Second thing you wanna understand is the Book of Romans was written to a group of followers of Jesus, Christians in the city of Rome, who were surrounded by things that were kind of working against them to really follow Jesus. And so what Paul’s writing to them is to give them really the fresh wind that allows them to experience everything that God has for them and experience everything that comes from following Jesus consistently. And he’s gonna give them an incredible truth today, but it’s a truth. It’s a little bit unbelievable. It’s a truth that our natural inclinations to go, “Yeah, I don’t know that I buy that it’s truth. It’s hard to take to heart.”
This is what he says. Romans 8:12, ”Therefore,” meaning in the base of what we talked about last week because of this resurrection power of the Holy Spirit in our lives, bringing new life to dry bones, ”Therefore, brothers and sisters, we have an obligation, but it is not to the flesh to live according to it.” And I pause there for just a second, because in English, that kind of sounds like Paul saying, “Hey, just want you to know you guys have an obligation. If you’re a follower of Jesus, you have an obligation. You’re obligated to something.”
And if that’s what he’s saying, the only real option for what he’s talking about, having an obligation to would be the Spirit because he’s been making this consistent contrast between the flesh or sin and the Spirit. And so if he’s saying we have an obligation, it’s probably gonna be to the Spirit because he says, but it’s not to the flesh. So the only option would be the Spirit. The problem with saying we have an obligation to the Spirit is basically three problems.
Number one, he never says that. At no point in this passage or anywhere else in the Book of Romans, does he ever say we have an obligation to the Spirit. Second reason that that’s kind of a problem is because that’s kind of strange language. There’s nowhere else in the entire Bible where we’re said to have an obligation to the Spirit. The Bible says we’re empowered by the Spirit. We’re led by the Spirit. We listened to the Spirit, but it never says that we are obligated to the Spirit, just strange language.
And then third, Paul’s whole point in the section is we’re gonna see is that we’re actually motivated by something very, very different than an obligation. Obligation is in the Bible is typically a word that it’s a little bit on the negative side, and it typically means that we have to do something because somebody has a hold on us. And that’s not really what Paul’s talking about. Paul’s talking about something very different kind of motivation. Okay, so if it’s not to the Spirit, then what would he be saying? Well, I actually don’t think he’s saying we have an obligation, but not to the flesh. I think could actually, what he’s saying is we have an obligation not to the flesh.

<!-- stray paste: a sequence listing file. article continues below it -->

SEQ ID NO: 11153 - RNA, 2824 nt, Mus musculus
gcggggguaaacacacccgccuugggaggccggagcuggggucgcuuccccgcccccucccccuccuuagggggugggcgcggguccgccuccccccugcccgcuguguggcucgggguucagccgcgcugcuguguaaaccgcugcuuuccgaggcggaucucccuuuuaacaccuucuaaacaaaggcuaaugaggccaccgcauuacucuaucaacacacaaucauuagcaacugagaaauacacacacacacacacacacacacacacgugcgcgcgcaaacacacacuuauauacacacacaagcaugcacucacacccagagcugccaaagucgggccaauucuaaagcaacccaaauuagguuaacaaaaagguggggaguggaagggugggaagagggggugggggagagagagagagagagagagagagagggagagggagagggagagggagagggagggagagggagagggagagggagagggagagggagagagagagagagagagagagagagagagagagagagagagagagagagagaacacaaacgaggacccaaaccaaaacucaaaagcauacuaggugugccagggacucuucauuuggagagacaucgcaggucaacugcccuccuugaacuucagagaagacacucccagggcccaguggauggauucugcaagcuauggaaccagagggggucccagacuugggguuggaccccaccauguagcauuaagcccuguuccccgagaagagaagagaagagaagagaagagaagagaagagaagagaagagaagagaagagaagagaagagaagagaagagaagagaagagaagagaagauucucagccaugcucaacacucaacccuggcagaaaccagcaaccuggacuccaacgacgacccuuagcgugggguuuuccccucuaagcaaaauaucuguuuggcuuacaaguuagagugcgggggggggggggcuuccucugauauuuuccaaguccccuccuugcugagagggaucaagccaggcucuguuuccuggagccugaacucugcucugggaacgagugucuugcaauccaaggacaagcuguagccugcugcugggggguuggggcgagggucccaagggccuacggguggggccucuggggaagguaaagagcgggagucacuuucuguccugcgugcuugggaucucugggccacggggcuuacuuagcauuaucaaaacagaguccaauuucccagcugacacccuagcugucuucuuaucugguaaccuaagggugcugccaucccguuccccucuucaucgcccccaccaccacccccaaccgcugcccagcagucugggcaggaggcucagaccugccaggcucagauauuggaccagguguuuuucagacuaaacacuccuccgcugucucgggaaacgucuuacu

In fact, let me give you a very literal translation of all the original Greek words in their proper order. What he says literally is this, ”Therefore, brothers and sisters an obligation we have not.” It’s a weird place. It’s in a strange place for the Greek language. But when sometimes when you put a word in a strange place, the point is to give it a really strong emphasis. And so what he’s basically saying is, “Therefore, brothers, sisters, we have an obligation not to the flesh or to sin, to live according to it.”
His whole point is that way of living is done. That way of life is over. The resurrection power of the Spirit has brought us to a completely new kind of life, and with it, a totally new motivation. It’s not a based on obligation. What he’s really saying is this, for the followers of Jesus, for the followers of Jesus, sin is an option, not an obligation. Are you with me?
He is saying sin is an option. We can still choose it. We often do still choose it, but we don’t have to. See, apart from faith in Jesus sin is an obligation. We’re under the control of sin. We’re obligated to it. And that doesn’t mean that people who aren’t followers of Jesus, all they ever do is sin in the worst possible ways and there’s nothing ever good that they ever do at all. And that’s not that. It’s just that apart from faith in Jesus, we can never get escape velocity from sin.
There’s a gravity to, it is always gonna keep us circling it. We’re always gonna ultimately come back to sin because we’re obligated to we’re enslaved to it. But Paul says, as followers of Jesus with the resurrection power of the Spirit in our lives, sin isn’t an obligation anymore. It’s an option, but it’s not an obligation.